Weakness is also visible in shares of Alcoa (AA) and Disney (DIS), which are down by 3.1 percent and 3 percent, respectively. General Electric (GE) and Home Depot (HD) are also posting notable losses.
Despite the retreat by most of the Dow components, shares of Microsoft (MSFT) are on the rise, climbing by 0.8 percent. With the advance, the stock is extending a recent upward move, rising to its best intraday level in over seven months.
IBM (IBM), Johnson & Johnson (JNJ), and Pfizer (PFE) are also posting modest gains, helping to limit the downside for the Dow.
A vast majority of the major sectors have moved lower over the course of the trading day, prompting the disappointing performance in equities on the day.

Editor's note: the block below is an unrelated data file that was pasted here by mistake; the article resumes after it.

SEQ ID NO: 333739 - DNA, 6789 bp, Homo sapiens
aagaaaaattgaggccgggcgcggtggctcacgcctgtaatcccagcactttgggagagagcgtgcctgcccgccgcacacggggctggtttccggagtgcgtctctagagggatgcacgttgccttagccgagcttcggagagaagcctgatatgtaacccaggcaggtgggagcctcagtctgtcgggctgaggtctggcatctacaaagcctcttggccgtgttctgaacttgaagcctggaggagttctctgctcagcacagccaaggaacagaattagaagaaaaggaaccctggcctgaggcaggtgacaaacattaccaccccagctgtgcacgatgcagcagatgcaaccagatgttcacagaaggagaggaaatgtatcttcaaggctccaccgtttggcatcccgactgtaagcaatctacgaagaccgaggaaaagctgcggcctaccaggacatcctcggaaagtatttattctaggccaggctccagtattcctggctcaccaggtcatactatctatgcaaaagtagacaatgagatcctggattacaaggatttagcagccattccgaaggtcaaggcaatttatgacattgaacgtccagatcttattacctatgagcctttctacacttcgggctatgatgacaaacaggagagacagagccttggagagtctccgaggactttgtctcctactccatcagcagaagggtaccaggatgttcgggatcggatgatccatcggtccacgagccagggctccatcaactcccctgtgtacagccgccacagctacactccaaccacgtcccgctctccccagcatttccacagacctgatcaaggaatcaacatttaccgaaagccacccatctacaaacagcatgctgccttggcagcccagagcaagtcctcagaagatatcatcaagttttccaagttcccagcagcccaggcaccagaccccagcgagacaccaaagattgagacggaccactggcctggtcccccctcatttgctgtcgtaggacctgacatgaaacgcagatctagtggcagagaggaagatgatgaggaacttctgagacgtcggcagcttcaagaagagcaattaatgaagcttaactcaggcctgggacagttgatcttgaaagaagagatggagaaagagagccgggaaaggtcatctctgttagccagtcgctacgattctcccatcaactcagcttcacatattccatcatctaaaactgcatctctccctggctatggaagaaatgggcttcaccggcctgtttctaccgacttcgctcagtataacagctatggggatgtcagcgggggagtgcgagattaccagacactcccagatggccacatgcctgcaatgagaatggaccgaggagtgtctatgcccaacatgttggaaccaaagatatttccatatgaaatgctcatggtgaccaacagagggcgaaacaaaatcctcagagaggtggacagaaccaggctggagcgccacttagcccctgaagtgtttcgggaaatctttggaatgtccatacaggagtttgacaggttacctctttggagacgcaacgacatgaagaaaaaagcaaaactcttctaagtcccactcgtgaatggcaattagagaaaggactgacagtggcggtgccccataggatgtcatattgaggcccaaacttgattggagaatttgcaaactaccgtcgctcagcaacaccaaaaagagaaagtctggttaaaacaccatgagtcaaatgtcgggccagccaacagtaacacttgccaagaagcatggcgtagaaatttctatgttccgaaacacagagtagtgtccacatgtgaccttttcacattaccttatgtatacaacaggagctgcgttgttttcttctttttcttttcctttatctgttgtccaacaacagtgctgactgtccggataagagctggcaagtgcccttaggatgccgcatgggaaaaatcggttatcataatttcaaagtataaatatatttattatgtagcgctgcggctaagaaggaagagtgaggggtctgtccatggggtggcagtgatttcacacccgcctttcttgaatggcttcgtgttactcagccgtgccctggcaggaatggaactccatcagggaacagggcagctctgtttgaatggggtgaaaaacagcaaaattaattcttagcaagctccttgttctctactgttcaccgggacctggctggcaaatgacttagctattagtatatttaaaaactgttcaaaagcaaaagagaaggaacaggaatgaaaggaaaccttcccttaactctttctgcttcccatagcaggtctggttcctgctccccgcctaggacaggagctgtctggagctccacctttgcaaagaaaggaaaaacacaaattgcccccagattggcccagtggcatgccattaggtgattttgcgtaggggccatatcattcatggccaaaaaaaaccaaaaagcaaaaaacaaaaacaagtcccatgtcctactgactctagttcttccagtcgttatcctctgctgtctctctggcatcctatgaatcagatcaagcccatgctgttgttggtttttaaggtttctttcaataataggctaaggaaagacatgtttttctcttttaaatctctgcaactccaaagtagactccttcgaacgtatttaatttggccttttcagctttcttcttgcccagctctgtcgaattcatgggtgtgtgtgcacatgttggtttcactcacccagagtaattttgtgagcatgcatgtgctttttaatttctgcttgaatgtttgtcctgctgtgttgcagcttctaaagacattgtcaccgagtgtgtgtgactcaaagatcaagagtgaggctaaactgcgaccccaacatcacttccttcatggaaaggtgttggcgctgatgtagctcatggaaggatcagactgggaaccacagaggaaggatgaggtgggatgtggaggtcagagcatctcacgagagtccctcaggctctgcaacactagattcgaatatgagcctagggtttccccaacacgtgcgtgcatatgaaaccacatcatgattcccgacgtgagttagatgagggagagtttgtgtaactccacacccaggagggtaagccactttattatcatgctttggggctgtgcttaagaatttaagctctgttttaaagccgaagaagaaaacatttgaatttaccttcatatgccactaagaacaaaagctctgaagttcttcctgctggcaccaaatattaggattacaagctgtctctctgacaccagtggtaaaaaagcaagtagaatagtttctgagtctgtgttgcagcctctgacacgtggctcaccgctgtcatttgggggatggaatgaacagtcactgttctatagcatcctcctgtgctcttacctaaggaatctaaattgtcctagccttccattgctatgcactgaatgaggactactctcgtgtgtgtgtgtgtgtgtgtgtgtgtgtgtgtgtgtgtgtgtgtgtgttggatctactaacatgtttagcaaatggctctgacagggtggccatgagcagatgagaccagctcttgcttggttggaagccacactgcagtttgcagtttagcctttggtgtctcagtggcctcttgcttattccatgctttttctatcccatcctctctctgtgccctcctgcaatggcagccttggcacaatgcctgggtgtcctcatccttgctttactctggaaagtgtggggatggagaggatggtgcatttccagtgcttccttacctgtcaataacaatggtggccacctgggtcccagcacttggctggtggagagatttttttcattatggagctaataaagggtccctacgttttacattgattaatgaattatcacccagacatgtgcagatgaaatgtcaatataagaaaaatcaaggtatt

Some of the day's heaviest losses are coming from retail stocks, with the S&P Retail Index dropping by 2.9 percent on the day. With the loss, the index is moving further off the eight-month closing high set earlier this month.
Some resource stocks are also seeing continued weakness in today's session. Oil service and natural gas stocks are suffering steep losses on the day, with the Philadelphia Oil Service Index and the NYSE Arca Natural Gas Index falling by 2.9 percent and 2.3 percent, respectively.
With the decline, the indices are seeing their third day of losses in a row, backing off of the multi-month highs set late last week.
While financial, housing, and semiconductor stocks have also come under pressure, health insurance stocks are bucking the downtrend. The Morgan Stanley Healthcare Payor Index is up 2.5 percent, bouncing off the one-month closing low set in the previous session.